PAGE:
1. Christmas Island Style Boat Parade canceled
The Christmas Island Style Committee has elected to cancel this year's Christmas Boat Parade, which was scheduled for Dec. 9, in recognition of potential safety issues concerning the route.
As a result of Hurricane Irma, the mouth of Collier Creek which leads into Collier Bay and eventually into Smokehouse Bay and The Esplanade has some issues regarding safe passage during low-tide events, which may present some issues to those not familiar with it. Plus larger boats like the Marco Princess and sailboats may have a difficult time traversing the channel, creating a problem with the flow of traffic and possibly blocking the return of vessels.
The committee has reviewed alternate routes and found none that would provide the general public with adequate viewing opportunities.
2. Irma debris collection begins in gated communities, private roads
Collier County’s Solid and Hazardous Waste Management Division received approval from the Federal Emergency Management Agency to allow its emergency debris removal contractor to begin collection of Hurricane Irma-related debris inside gated communities and from private roads.
Gated communities must submit a Right-of-Entry form to Collier County before storm-related debris collection can begin in the community. The Right-of-Entry form must be signed by an officer or director of the corporation, a manager of an LLC, a resident agent, or by a property management company authorized to sign for the community. Owners of private roads do not need to submit a Right-of-Entry form.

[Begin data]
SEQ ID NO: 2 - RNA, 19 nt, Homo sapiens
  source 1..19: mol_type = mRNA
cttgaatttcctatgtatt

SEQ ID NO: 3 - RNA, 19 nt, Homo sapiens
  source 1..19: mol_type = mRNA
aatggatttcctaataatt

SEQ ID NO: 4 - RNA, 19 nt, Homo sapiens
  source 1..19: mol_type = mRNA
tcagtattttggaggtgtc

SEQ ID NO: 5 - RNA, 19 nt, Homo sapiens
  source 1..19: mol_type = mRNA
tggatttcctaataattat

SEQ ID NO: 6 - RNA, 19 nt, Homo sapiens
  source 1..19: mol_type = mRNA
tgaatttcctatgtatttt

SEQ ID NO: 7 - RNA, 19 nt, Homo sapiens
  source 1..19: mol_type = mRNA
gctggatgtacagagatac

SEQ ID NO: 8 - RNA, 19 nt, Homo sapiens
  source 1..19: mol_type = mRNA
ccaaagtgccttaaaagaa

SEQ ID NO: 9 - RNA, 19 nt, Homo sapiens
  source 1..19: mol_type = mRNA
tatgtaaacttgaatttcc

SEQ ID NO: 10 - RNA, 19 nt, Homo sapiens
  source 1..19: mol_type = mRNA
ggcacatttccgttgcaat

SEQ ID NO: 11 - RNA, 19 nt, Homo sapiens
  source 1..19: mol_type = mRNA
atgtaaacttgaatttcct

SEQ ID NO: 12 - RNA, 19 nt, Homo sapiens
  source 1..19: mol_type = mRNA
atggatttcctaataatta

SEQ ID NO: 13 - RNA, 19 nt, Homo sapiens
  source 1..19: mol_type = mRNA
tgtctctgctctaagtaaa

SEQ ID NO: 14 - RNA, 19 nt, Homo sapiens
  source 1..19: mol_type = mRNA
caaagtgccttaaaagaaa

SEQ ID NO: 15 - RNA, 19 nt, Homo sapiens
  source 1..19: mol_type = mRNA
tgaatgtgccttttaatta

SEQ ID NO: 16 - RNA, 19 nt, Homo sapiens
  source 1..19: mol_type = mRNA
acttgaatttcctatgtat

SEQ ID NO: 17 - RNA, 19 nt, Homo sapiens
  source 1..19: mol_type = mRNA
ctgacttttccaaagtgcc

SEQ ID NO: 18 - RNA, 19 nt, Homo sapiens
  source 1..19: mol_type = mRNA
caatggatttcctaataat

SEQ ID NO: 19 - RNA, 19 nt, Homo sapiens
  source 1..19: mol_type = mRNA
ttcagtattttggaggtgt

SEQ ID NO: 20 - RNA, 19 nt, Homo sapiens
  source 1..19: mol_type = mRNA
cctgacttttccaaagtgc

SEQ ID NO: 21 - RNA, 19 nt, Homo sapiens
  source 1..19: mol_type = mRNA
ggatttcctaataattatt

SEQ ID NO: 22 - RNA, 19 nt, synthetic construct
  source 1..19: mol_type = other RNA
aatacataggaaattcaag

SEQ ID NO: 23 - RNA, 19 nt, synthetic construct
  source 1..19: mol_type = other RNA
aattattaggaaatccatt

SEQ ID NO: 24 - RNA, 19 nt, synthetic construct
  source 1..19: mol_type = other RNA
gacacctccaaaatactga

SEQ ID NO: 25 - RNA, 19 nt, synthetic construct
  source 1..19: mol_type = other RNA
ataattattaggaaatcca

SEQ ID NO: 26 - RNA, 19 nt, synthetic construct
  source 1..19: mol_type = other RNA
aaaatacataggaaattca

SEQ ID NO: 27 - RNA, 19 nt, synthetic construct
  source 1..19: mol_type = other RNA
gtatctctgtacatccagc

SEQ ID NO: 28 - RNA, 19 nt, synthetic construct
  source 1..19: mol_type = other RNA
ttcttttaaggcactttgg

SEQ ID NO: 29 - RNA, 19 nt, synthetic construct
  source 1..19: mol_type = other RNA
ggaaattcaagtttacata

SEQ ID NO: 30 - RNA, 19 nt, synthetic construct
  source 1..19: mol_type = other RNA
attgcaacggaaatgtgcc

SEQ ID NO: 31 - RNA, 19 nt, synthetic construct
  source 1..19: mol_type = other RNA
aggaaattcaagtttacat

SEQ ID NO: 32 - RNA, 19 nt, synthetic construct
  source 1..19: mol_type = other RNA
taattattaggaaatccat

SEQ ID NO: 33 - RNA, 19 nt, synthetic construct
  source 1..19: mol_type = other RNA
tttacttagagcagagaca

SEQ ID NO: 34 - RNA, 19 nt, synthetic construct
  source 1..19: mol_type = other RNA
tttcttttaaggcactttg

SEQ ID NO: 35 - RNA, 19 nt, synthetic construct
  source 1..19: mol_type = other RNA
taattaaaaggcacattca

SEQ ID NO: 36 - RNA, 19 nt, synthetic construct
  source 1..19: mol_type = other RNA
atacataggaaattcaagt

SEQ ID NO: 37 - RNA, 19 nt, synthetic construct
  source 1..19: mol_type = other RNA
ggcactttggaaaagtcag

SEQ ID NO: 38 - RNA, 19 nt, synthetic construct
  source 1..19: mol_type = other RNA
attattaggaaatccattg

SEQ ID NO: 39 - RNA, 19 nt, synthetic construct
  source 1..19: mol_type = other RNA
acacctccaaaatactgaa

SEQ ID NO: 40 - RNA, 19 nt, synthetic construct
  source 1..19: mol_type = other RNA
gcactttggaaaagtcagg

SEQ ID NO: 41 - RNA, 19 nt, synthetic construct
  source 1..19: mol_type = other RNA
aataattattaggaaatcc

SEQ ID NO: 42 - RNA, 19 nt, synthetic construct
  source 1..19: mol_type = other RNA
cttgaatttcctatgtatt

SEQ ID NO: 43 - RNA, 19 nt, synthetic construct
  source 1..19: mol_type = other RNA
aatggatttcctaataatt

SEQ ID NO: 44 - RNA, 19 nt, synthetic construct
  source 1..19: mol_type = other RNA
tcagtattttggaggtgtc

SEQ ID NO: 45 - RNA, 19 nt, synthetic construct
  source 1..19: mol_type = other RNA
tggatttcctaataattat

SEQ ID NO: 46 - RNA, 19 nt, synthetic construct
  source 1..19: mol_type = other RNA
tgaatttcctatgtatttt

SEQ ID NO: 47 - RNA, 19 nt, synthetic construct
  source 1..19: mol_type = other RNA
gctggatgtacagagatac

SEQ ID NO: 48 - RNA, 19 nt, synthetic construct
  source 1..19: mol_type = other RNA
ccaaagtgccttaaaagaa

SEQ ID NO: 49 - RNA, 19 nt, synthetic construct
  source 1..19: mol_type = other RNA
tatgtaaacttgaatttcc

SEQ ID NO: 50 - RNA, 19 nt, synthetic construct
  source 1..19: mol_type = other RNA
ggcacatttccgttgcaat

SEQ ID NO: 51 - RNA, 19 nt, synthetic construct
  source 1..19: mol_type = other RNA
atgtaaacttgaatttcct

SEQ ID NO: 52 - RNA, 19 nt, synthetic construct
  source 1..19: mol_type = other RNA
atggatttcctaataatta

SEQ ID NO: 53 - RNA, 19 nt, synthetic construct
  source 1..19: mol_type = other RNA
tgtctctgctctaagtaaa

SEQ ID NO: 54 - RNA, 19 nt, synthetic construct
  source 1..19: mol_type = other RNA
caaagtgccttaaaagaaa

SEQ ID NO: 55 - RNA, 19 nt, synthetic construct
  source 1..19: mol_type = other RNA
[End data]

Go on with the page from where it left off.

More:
Right-of-Entry forms can be obtained by calling 239-252-8444, or by emailing Sue Zimmerman at SueZimmerman@colliergov.net.
3. Children’s Christmas art to support farmworker family programs post-Irma
Jennifer Arriaga, a fourth-grader, didn’t draw a classic Christmas scene. Instead of a sleigh with toys, she drew a farm truck overflowing with tomatoes. Instead of Santa, Jennifer drew a female farmer.
That’s not surprising at RCMA, which serves the children of low-income families in farm communities across Florida. “Low income” does not mean “low creativity” or “low Christmas joy,” and Jennifer and other children prove that in this year’s RCMA Christmas card designs.
Their imaginations burst forth on Christmas cards that RCMA will sell from now until Dec. 15. A catalog is available at www.rcma.org, and cards may be ordered there at $15 per box, plus shipping.
Proceeds help the nonprofit RCMA, based in Immokalee, operate child-care centers, charter schools and after-school programs in 21 Florida counties. In fact, each $15 sale of Christmas cards qualifies RCMA for $240 in matching “school-readiness” funding from the state.